This week’s What’s on the van? comes from Monica Price, Assistant Curator, Mineral Collections.
“The loudest thunder we had ever heard…”
It’s a very good thing this little piece of dull grey rock, less than 30mm across, has a label on it to say what it is! ‘Meteorolite’ is an old name for a meteorite, and this is part of one that fell over the Cold Bokkeveld valley, Cape Province, South Africa, on 13 October 1838. Kieviet, a servant out collecting wood, gave an eye witness account:
‘It was a fine clear morning; there were no clouds in the sky, and there was no wind. At about nine o’clock a.m., whilst we were busy loading the waggon with wood, close to the foot of the mountain, we heard a strange noise in the air resembling the loudest thunder we had ever heard, and on looking up we perceived a stream passing over our heads, issuing a noise which petrified us with terror; a burst took place close to the waggon, when something fell and a smoke arose from the grass. My master sent me to look what it was that had fallen, when I found a stone quite warm, so much so that I could not hold it in my hands’. (Phil.Trans.Roy. Soc., vol. 130, 1840, 177-182)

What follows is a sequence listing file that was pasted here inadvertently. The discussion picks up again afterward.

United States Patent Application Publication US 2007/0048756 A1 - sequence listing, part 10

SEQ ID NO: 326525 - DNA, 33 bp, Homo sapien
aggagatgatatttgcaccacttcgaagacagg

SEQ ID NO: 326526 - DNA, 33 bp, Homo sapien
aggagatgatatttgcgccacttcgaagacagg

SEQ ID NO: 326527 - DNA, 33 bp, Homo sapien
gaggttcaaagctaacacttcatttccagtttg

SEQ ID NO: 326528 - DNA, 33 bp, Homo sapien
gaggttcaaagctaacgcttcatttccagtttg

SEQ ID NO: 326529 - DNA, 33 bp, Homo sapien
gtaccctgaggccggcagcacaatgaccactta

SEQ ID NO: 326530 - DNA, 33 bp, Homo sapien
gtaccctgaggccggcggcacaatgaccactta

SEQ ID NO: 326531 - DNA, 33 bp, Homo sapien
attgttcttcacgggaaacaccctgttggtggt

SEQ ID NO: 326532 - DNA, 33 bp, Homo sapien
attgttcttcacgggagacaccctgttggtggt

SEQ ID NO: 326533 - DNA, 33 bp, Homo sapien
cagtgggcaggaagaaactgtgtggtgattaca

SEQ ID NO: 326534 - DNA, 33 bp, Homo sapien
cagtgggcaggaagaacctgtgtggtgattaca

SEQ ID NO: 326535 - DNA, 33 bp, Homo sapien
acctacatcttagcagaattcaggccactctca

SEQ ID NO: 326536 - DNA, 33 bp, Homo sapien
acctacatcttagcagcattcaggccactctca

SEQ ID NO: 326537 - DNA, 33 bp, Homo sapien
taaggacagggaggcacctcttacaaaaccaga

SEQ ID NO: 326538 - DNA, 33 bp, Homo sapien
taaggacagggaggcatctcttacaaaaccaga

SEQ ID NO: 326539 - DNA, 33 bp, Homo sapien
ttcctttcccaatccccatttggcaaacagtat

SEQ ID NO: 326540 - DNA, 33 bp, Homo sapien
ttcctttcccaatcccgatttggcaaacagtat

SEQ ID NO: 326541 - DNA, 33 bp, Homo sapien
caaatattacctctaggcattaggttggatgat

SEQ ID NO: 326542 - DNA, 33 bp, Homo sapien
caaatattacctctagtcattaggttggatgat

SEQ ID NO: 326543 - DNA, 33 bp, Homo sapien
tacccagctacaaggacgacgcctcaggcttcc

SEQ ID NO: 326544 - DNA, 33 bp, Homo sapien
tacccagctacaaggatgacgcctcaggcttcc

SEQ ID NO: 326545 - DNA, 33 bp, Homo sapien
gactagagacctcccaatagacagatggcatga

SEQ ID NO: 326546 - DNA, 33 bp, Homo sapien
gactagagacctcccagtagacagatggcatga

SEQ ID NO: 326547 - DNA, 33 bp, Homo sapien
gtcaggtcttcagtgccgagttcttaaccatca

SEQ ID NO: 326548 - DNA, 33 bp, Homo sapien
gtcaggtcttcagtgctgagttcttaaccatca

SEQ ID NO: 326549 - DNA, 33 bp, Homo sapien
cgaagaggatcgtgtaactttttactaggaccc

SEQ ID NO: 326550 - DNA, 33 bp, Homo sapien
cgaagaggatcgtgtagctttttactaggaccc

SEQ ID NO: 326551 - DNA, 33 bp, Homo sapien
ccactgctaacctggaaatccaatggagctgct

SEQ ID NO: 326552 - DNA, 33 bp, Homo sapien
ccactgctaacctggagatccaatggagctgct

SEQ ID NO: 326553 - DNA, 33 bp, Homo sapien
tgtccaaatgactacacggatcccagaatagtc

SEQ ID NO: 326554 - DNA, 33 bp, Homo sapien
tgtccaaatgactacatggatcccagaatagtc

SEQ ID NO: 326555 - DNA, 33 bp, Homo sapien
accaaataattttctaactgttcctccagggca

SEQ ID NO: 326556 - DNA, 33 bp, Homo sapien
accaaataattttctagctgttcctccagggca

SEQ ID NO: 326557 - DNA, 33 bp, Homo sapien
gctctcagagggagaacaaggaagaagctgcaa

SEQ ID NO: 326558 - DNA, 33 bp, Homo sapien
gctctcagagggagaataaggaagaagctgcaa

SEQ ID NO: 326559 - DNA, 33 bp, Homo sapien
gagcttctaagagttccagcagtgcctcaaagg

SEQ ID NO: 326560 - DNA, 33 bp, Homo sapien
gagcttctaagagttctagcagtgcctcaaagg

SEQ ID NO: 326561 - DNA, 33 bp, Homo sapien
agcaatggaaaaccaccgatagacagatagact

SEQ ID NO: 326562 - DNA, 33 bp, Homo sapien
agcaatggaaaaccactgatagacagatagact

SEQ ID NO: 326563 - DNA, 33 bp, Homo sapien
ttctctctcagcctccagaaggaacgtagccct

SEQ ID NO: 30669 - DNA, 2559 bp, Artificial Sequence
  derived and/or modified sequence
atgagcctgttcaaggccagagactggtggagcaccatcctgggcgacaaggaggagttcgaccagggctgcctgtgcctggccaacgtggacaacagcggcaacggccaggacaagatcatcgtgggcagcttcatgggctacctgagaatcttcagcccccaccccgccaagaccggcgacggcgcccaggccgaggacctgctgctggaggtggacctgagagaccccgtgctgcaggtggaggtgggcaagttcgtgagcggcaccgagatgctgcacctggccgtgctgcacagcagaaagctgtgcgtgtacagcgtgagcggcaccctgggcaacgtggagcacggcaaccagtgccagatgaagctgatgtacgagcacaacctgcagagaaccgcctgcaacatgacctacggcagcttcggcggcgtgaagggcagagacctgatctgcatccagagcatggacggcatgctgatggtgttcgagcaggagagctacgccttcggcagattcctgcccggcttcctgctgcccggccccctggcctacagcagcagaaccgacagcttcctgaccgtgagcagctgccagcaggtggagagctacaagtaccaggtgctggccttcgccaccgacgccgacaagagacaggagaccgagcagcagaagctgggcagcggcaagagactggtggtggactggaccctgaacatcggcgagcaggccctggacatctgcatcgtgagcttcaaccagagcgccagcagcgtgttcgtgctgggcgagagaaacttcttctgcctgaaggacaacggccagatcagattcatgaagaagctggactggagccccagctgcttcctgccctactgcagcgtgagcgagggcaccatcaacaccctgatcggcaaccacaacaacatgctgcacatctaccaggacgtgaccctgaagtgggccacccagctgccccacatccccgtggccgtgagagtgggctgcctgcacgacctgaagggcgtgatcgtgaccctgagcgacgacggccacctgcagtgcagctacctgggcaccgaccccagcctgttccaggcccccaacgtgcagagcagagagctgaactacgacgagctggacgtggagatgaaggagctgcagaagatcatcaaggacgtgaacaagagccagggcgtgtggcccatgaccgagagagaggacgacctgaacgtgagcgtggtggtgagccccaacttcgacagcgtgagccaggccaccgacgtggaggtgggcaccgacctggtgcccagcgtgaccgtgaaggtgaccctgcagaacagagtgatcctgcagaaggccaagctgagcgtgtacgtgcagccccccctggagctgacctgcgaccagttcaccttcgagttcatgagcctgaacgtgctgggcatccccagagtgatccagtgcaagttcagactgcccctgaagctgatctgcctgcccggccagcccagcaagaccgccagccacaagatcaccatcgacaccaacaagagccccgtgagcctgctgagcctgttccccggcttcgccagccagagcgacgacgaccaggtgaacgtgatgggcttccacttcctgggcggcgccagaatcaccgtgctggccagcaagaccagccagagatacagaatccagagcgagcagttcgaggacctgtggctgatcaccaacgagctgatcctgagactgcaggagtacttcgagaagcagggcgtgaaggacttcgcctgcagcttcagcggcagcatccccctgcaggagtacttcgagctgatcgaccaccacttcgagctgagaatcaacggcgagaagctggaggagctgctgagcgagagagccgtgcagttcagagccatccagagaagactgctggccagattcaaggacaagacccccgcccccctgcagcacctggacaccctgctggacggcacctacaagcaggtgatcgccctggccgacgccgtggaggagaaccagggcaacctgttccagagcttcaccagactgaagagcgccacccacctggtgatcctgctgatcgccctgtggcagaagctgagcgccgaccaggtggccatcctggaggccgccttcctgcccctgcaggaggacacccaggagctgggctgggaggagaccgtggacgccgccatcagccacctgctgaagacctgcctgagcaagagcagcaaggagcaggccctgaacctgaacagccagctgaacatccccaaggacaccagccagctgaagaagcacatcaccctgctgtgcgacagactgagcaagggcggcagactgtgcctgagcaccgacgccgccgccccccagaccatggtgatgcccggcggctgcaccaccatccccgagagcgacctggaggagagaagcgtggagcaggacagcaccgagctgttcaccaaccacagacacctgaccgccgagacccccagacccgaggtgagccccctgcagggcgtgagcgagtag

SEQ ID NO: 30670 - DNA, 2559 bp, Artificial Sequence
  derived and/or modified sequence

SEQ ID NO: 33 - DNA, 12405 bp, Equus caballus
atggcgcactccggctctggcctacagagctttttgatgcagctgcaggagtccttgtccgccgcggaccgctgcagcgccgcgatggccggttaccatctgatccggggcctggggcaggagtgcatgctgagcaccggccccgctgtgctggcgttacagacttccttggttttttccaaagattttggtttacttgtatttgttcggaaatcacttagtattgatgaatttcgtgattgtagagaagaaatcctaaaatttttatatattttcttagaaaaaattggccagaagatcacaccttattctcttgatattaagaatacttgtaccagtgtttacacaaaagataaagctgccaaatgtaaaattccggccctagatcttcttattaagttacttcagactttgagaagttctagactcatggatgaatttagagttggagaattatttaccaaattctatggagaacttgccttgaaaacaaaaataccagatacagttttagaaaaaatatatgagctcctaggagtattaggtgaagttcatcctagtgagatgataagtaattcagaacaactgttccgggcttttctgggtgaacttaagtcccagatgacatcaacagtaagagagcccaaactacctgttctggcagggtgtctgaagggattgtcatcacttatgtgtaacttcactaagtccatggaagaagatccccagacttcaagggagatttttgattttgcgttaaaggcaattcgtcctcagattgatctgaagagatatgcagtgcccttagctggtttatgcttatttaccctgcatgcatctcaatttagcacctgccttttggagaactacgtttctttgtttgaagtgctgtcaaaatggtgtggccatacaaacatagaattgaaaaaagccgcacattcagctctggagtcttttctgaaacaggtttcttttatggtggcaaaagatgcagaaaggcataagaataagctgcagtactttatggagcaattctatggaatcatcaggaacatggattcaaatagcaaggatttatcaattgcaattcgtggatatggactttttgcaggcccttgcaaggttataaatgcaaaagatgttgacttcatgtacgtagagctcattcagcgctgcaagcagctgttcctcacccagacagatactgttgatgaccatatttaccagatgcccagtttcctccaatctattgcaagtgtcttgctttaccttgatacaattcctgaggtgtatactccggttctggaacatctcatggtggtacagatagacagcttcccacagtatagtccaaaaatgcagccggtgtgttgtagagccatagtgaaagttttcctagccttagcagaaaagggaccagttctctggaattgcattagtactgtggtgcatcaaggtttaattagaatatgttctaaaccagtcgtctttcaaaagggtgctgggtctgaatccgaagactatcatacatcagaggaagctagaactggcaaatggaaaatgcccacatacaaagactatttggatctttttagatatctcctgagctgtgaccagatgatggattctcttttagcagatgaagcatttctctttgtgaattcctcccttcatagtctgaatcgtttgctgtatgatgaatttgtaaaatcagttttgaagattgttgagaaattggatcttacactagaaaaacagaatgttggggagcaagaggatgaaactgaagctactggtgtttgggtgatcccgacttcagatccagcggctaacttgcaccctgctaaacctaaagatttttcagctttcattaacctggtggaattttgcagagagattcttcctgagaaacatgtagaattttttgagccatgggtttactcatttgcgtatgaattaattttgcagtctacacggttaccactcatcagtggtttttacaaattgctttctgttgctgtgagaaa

The Cold Bokkeveld meteorite came all the way from the asteroid belt, where large and small chunks of rocky debris, left over from the formation of the planets, orbit in a band between Mars and Jupiter. When asteroids collide with each other and get knocked out of their orbits, some pieces find themselves on a collision course with Earth to become meteorites.
This one is a ‘carbonaceous chondrite’, a kind of meteorite that is particularly interesting for scientists because it contains large organic molecules such as amino acids. These are also essential for living organisms; just possibly, meteorites played a role in the origin of life on Earth. It also contains minute diamonds.
The meteorite is about 4.5 billion years old, as old as the Earth itself. The diamonds in it are much older – real star dust from outer space!